Naturopathic Medicine?

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Naturopathic Medicine?

So, what is naturopathic medicine? A naturopathic doctor is not necessarily one who uses herbs, acupuncture, and nutritional supplements. A naturopathic doctor is one who follows these principles:

  • Do no harm: Use the least harmful diagnostic and treatment methods.
  • The healing power of nature: The body can heal itself under the right circumstances.
  • Identify and treat the cause: Find and remove the obstacles to health.
  • Treat the whole person: Take into account the structural, metabolic, mental/emotional, and other factors of health.
  • Doctor as teacher: Educate patients, and encourage self-responsibility for health.
  • Prevention: Assess risk factors, and improve health as a whole with the goal of building resilience and preventing future disease.

In a nutshell, a naturopath is a doctor who seeks to find the cause of a person’s disease and remove the obstacles so that the body can heal itself. They do this by treating the whole person (not necessarily just the symptoms) and educating patients about self-care.

When it comes to education and training, naturopathic medical education is rigorous. It is a four-year, post-secondary education that is very similar to conventional medical school. Education is focused on medical diagnosis, pharmacology, clinical skills, and healing modalities. Also, in the state of Arizona, naturopaths are fully licensed as primary care providers and are able to write prescriptions, perform minor surgery, and order labs and imaging. In addition, they have access to a large toolbox of alternative medicines.

Naturopathic medicine uses the following therapies:

  • Traditional Chinese medicine/acupuncture
  • Spinal adjusting/craniosacral work
  • Clinical nutrition
  • Stress reduction techniques/neuro-emotional techniques
  • Homeopathy
  • Botanical medicine
  • Regenerative injection therapies (e.g., prolotherapy)
  • IV therapies
  • Oxidative therapies (e.g., ozone)
  • Scar therapy/minor surgery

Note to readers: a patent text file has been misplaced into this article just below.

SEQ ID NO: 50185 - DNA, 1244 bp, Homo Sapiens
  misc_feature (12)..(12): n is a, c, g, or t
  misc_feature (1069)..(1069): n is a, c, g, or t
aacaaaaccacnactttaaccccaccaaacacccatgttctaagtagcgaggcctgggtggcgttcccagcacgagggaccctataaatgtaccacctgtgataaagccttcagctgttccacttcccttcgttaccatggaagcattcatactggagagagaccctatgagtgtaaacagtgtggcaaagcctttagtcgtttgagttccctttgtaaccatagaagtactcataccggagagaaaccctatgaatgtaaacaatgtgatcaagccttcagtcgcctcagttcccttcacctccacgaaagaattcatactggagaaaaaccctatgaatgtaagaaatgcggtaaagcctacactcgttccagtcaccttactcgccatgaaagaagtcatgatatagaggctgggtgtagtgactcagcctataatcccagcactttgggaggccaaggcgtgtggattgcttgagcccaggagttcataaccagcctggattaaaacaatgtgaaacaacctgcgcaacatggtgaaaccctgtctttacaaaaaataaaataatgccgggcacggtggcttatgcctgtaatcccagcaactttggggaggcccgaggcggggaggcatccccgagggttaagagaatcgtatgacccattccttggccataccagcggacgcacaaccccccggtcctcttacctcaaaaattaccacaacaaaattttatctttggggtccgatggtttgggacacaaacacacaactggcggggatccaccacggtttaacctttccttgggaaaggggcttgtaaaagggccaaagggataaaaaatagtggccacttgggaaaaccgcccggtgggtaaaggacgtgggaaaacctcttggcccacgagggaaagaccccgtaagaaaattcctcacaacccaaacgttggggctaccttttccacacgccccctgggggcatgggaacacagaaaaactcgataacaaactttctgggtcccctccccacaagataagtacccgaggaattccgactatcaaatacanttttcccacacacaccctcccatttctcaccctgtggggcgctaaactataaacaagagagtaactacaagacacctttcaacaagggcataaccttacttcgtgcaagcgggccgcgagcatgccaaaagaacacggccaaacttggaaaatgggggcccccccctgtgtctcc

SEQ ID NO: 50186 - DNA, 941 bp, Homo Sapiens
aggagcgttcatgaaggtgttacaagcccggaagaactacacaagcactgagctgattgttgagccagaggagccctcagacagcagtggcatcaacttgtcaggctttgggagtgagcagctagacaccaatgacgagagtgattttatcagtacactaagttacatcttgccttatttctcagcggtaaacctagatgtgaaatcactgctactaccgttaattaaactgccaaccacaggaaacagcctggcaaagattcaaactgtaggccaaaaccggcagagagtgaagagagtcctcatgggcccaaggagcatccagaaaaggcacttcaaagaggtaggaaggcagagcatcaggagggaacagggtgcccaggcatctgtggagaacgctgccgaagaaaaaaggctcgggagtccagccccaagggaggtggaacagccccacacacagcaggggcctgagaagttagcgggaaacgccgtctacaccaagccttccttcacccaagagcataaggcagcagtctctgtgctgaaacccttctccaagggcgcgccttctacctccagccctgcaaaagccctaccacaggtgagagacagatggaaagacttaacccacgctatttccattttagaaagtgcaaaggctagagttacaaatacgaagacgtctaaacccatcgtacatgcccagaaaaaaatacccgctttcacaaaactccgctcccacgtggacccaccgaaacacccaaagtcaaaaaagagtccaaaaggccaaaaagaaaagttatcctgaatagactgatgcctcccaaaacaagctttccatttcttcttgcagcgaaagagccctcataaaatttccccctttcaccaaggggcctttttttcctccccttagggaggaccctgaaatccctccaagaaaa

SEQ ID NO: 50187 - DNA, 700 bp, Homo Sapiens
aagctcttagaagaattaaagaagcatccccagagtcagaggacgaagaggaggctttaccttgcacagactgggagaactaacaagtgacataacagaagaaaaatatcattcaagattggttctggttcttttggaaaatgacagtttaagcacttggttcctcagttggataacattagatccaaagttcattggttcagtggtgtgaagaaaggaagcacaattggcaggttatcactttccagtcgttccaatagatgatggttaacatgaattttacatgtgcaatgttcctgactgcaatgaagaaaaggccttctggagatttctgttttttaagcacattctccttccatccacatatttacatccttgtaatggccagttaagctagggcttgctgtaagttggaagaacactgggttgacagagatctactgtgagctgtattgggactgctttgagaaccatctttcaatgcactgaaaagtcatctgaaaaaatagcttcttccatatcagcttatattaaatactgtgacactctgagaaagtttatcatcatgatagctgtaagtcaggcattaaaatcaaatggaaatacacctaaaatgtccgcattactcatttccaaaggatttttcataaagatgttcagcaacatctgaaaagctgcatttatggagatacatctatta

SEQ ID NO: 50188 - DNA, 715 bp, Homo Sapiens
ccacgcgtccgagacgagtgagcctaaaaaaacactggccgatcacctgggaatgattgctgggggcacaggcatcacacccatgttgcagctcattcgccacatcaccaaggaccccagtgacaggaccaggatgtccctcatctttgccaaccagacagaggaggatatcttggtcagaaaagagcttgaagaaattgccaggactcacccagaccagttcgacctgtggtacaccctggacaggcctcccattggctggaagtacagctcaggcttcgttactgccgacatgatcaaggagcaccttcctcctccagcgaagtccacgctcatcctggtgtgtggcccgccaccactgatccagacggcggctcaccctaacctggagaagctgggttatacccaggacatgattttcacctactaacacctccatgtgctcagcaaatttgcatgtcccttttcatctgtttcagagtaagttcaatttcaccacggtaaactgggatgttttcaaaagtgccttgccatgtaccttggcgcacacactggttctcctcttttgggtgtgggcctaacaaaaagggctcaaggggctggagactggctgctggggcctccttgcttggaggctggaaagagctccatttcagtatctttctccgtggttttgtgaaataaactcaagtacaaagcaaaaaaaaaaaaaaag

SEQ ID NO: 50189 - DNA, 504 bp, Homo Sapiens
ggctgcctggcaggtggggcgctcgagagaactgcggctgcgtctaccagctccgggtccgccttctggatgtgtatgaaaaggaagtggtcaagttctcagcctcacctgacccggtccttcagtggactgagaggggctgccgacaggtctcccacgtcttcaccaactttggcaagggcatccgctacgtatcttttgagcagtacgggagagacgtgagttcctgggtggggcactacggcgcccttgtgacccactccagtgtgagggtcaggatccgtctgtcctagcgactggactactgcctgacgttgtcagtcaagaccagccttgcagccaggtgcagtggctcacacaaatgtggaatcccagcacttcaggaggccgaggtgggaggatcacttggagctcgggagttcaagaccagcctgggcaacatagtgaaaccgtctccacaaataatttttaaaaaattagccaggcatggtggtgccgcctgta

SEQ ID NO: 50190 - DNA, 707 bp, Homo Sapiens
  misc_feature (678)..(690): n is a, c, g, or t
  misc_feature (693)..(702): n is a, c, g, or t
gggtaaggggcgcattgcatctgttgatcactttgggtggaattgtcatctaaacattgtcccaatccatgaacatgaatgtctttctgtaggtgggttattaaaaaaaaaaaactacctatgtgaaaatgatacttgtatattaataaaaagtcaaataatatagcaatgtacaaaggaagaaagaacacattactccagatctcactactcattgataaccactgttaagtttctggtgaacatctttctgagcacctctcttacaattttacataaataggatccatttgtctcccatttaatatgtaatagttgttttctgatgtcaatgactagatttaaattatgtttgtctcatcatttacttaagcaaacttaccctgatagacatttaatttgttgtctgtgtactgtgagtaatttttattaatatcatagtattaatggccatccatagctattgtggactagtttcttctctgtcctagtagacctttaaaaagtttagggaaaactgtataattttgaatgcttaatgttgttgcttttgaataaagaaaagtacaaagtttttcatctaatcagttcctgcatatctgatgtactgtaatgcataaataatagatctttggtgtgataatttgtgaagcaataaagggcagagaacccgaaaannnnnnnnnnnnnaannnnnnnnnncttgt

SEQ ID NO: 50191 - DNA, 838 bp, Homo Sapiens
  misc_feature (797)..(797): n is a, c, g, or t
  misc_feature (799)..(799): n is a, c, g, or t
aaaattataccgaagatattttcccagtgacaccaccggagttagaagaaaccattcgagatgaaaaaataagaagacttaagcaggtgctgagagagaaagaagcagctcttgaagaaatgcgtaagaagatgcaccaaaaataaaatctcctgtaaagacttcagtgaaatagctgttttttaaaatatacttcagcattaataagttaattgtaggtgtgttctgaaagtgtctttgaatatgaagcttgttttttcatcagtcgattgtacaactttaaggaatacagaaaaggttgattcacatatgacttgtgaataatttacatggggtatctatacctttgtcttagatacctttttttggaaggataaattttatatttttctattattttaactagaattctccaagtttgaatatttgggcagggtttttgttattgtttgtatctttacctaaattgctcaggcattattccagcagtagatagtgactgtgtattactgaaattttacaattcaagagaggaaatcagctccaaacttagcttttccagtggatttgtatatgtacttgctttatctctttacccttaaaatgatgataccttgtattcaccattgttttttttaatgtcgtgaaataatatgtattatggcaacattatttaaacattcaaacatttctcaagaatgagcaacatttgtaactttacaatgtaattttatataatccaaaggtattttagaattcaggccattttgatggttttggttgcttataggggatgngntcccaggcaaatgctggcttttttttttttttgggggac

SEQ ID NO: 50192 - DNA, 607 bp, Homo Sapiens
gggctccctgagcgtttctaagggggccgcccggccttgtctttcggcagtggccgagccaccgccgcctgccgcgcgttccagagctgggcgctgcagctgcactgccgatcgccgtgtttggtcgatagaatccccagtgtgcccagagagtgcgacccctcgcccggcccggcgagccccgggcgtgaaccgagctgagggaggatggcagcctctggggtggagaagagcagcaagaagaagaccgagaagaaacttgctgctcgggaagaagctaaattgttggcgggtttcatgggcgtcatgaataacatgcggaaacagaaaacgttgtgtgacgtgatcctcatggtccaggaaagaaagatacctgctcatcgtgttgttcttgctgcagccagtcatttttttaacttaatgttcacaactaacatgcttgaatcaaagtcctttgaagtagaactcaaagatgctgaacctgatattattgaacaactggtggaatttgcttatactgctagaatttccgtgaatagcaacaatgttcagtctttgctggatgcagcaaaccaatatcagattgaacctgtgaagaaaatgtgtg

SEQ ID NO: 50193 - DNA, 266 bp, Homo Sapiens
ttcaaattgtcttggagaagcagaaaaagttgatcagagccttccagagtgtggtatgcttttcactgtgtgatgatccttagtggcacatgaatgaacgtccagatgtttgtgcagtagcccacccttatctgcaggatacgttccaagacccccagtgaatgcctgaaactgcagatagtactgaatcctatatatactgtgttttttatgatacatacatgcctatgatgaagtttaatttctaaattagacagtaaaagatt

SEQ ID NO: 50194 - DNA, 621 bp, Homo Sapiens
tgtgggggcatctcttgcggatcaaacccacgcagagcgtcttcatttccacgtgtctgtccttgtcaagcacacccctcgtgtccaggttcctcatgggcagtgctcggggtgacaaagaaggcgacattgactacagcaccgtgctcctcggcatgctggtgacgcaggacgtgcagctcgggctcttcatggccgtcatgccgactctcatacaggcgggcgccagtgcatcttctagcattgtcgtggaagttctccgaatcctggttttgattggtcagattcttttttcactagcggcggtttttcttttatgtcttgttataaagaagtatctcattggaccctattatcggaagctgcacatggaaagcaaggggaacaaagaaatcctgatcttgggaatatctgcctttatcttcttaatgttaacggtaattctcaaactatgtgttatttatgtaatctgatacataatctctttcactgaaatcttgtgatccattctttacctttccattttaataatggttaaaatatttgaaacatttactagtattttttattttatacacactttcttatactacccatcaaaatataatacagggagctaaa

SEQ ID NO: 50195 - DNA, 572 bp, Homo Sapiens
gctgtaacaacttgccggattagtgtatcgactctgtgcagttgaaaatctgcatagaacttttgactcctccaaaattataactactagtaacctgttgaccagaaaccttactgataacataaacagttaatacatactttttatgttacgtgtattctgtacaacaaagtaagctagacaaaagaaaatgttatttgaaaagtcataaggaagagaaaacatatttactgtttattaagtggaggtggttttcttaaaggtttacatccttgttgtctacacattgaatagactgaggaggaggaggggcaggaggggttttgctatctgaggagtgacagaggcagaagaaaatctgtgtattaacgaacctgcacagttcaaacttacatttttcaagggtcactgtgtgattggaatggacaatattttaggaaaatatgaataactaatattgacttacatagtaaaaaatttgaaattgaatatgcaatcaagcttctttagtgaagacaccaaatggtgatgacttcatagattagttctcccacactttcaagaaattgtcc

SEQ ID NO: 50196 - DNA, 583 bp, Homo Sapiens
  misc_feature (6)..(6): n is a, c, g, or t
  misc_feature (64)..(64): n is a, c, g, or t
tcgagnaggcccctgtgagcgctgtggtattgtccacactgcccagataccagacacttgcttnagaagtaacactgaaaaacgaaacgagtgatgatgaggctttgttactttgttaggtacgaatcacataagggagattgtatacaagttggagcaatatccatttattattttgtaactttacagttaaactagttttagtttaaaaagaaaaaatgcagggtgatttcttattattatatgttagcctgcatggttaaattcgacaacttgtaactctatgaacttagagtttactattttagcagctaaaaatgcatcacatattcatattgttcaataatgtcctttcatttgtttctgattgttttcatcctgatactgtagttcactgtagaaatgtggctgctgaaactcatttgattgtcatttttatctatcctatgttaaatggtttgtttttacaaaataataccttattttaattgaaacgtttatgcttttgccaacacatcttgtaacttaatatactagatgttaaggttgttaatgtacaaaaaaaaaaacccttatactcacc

Having access to all of these tools puts naturopathic doctors in the unique position of offering the best of conventional medical diagnosis and treatment along with the best of natural diagnosis and treatment. Access to all of these tools can make it hard to choose the treatment that is the most appropriate for the patient for exactly where they are with their health. This is why applied kinesiology is a powerful adjunct to the practice of naturopathic medicine.

Applied kinesiology is the study of muscle function applied to the body. It integrates neurology, the acupuncture meridian system, psychology, physical medicine, clinical nutrition, and homeopathy into one system of diagnosis and treatment. By evaluating muscle function before and after applying a stimulus to the body, we can find exactly what the body needs, in real time, while the patient is in the office.

For example, somebody coming in with a headache may have:

  • A structural cause: spinal misalignment, muscle tension, cranial faults
  • A metabolic cause: blood vessel constriction, inflammation, toxins, hormonal imbalance
  • A mental/emotional cause: stress headaches

Depending on the person that comes in, it might be the most valuable to adjust their spine or fix their cranial bones. Another patient will get clinical nutrition and acupuncture. A third will get stress reduction techniques and homeopathy. Instead of fitting the patient to our treatments, we can use applied kinesiology to fit one of the many treatments from our toolbox to the patient’s case. Selecting the appropriate treatment for the patient in this way not only brings the quickest resolution of their symptoms with minimal side effects, but it also saves them time and money.

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